Briefly in the arts

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UNT musician earns spot in Disney band

A University of North Texas College of Music graduate student spent the past year in the Disneyland All-American College Band.

Alto saxophonist Brendon Wilkins performed with some of the best collegiate musicians in the country while learning tips from the industry’s top jazz musicians last summer in the band.

“It was terrific. I have never had an experience quite like this,” said Wilkins, 24, a member of the 2016 band. “I learned a lot about what it takes to make it as a professional musician.”

Wilkins is the most recent UNT student to earn a coveted spot in the Disneyland All-American College Band.

No other university in the country has had more students chosen to participate in the band, which began in 1971. The 21-piece ensemble performs at the Disneyland Resort in California for 11 weeks each summer. As part of the program, students earn school credit by completing a major educational project and train with industry professionals such as Wayne Bergeron, Gregg Field and Rick Baptist.

UNT has 64 band alumni. University of Southern California is second with 37, and Indiana University is third with 30 members.


TWU student selected for global dance project

Yeajean Choi, a master of fine arts student in the Department of Dance at Texas Woman’s University, is one of eight choreographers be chosen for the World Dance Alliance’s 2017 International Young Choreographer Project.

Choi is also the only U.S. student to chosen for the project.

She will participate in the project’s three-week residency program in Taiwan in July.

Eight emerging choreographers, representing six countries and four divisions of the alliance, were selected through an adjudicated process. Choi will be the only choreographer representing WDA Americas. She joins three dancers from the Asia Pacific region, three from Taiwan and one from Europe.

Originally from Seoul, South Korea, Choi earned her bachelor of fine arts and master of interdisciplinary studies of arts degrees from Sung Kyun Kwan University in 2012 and 2014, respectively. She is pursuing her master of fine arts degree at the TWU Department of Dance, where she also serves as digital media coordinator. Choi specializes in multimedia choreography, and teaches Korean dance at her Dallas non-profit, the Jean Korean Dance Company.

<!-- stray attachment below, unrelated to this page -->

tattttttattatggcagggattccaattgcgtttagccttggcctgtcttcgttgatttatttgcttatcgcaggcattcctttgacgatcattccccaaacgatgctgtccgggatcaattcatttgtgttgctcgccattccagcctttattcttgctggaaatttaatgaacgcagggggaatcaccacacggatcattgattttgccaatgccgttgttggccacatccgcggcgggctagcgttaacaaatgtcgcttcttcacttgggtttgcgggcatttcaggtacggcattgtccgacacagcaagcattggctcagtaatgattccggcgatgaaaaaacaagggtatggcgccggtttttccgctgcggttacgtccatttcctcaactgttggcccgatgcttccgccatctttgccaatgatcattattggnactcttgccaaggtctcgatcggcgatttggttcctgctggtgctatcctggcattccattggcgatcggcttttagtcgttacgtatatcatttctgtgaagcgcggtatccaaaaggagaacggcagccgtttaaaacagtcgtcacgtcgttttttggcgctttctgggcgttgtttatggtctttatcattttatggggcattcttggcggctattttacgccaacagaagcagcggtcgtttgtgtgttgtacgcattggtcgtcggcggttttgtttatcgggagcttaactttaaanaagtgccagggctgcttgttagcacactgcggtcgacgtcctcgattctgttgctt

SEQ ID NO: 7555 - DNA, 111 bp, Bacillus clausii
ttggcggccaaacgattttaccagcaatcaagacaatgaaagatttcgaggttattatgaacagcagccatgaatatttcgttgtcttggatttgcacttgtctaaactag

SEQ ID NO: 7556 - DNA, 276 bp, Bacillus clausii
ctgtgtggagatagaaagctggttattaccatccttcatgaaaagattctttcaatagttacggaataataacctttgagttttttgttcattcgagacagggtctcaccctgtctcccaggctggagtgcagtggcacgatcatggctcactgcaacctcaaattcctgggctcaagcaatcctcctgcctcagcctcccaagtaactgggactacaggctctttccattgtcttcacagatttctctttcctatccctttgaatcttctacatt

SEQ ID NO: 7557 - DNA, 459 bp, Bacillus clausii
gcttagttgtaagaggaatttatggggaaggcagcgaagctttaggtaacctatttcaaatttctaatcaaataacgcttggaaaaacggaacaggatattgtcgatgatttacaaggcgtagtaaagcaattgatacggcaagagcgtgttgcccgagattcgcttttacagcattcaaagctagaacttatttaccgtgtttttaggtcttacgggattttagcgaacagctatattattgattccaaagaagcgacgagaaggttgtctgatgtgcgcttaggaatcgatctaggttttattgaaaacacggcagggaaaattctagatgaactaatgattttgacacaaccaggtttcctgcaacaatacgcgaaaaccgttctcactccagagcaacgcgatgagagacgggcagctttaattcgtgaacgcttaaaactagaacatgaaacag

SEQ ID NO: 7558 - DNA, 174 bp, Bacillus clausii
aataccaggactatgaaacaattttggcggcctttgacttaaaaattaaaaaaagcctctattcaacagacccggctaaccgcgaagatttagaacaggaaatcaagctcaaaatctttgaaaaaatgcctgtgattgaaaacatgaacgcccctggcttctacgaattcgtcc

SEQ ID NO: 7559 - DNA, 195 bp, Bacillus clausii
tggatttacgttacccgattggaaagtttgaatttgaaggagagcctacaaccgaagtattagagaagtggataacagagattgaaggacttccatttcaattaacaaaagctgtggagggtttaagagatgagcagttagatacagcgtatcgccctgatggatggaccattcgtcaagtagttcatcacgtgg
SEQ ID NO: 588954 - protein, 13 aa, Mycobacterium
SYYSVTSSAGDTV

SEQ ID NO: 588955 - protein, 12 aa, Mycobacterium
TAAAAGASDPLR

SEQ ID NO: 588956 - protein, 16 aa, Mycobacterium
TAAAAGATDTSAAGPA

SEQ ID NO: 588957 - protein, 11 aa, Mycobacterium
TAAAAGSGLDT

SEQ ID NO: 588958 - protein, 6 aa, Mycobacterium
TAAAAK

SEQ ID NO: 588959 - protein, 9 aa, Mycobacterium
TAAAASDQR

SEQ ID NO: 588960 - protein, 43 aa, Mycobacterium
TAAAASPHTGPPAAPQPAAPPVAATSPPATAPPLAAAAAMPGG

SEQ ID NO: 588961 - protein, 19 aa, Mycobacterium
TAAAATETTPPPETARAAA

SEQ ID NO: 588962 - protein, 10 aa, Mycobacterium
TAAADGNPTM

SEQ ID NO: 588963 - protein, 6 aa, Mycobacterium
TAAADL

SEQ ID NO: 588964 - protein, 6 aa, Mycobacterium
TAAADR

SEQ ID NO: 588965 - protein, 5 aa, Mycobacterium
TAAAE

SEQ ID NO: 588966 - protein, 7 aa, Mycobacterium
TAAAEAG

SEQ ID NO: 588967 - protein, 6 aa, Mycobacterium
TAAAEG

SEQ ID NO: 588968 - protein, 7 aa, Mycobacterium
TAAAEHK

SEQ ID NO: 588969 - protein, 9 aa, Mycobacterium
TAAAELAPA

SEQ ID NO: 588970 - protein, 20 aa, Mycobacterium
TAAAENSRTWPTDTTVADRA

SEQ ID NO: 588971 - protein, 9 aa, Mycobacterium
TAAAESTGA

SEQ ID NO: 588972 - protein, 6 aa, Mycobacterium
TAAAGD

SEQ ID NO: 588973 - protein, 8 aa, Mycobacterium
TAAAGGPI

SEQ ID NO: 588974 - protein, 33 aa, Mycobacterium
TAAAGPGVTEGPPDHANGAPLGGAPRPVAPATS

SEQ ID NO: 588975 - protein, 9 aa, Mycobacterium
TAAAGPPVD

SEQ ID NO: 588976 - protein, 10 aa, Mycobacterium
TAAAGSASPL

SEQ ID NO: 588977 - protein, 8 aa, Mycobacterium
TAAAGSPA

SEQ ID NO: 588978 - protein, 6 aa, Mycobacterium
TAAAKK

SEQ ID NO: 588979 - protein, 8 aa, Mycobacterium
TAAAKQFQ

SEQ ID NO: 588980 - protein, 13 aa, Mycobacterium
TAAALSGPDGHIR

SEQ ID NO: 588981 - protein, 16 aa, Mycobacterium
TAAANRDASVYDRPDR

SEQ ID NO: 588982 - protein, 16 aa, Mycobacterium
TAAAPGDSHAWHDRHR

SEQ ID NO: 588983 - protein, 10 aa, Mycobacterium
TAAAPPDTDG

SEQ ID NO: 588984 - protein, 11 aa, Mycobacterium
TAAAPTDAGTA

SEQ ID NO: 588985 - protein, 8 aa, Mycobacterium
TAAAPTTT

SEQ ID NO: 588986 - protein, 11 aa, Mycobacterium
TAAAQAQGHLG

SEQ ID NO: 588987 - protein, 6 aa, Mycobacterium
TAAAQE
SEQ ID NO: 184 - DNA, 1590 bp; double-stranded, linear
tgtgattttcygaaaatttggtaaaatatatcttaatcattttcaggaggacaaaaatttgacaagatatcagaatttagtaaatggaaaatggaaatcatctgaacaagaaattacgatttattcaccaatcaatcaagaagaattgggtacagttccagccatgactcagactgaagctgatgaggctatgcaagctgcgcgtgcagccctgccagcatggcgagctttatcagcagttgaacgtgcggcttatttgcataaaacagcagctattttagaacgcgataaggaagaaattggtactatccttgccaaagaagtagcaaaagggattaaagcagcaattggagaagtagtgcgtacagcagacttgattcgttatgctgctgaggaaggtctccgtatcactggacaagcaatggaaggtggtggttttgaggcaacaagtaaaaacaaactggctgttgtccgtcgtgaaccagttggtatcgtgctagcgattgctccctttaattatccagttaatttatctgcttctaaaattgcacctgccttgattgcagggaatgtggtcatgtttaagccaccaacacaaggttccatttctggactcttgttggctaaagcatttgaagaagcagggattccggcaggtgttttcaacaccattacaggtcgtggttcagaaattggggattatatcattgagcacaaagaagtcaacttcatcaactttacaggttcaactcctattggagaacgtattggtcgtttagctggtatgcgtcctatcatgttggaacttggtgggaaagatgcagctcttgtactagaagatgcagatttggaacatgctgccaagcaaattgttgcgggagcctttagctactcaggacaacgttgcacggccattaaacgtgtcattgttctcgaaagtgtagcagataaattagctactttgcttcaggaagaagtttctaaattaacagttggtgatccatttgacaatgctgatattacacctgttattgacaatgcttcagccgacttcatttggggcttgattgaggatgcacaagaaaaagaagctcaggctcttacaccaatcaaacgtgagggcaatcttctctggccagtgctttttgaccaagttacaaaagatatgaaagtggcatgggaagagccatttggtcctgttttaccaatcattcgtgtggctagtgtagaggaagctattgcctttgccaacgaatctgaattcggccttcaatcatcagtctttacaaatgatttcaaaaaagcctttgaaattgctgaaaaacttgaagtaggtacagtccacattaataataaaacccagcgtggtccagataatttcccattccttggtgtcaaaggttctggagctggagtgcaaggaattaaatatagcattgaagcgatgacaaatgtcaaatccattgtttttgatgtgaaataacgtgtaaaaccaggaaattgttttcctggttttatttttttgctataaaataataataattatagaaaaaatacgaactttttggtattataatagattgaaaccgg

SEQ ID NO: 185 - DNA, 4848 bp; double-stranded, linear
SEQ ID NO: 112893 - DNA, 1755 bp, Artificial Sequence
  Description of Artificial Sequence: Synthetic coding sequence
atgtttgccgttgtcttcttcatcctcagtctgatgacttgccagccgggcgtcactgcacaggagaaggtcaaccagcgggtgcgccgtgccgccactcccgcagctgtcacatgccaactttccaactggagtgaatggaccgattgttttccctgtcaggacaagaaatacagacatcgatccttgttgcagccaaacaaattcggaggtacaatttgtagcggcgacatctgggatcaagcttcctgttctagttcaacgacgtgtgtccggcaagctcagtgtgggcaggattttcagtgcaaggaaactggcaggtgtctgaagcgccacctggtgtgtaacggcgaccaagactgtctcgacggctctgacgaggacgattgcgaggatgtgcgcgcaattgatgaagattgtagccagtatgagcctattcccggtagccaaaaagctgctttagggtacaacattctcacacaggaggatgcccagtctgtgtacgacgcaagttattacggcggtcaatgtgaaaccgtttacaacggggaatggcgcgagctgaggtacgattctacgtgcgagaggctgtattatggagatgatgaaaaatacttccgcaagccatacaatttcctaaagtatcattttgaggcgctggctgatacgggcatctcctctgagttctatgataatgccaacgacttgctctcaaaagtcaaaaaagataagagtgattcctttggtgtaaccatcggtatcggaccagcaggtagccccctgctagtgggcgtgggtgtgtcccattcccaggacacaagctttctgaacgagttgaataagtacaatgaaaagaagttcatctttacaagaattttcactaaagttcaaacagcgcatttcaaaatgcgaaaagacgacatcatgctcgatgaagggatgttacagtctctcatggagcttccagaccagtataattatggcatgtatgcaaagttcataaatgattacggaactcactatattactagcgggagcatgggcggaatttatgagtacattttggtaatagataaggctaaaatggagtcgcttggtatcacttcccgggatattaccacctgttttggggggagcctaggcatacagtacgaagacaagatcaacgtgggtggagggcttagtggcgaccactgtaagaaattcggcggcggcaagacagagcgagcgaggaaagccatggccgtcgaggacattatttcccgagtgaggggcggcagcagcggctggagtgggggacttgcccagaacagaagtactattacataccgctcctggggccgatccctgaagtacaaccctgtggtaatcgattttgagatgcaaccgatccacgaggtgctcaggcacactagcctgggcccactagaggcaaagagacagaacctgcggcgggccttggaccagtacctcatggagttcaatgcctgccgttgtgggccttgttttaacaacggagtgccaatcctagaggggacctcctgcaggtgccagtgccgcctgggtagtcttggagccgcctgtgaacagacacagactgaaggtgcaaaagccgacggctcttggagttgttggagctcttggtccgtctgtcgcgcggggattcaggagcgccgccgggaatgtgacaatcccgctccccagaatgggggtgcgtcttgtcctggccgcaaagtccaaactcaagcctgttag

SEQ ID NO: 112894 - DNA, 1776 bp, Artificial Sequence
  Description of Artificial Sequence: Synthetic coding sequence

Frida Kahlo remembered in pictures

A Dallas gallery exhibits a special selection of photographs of the influential Mexican Surrealist painter and icon, Frida Kahlo, through April.

PDNB Gallery, a gallery devoted to photography that is run by Denton residents Burt and Missy Finger, will present the photos of Kahlo at the same time the Dallas Museum of Art will show “Mexico 1900-1950: Diego Rivera, Frida Kahlo, Jose Clemente Orozco, and the Avant-Garde.”

The show highlights the playful and candid portraits of Kahlo taken by artist and close companion, the late Lucienne Bloch.

By an encounter with the great Mexican muralist Diego Rivera, Bloch met Kahlo. The two developed a deep friendship. During Diego’s turbulent stay in the United States, Bloch became an important figure in Kahlo’s life and also would document many of Diego’s prominent mural works including “Unity Panel” at the New Workers School in New York, 1933, (included in the exhibition). Bloch also took the only surviving photographs of the controversial Rockefeller Center mural, which was destroyed in 1934.

The show includes photographs of Kahlo by master photographer and Kahlo’s long time lover, Nickolas Muray. Finally, photos by Delilah Montoya paying homage to Kahlo are part of the show.

The exhibit runs through April 15. Gallery hours are 11 a.m. to 5 p.m. Tuesday through Saturday. The gallery is in the Dallas Design District at 154 Glass St. For more information, visit

— Staff reports

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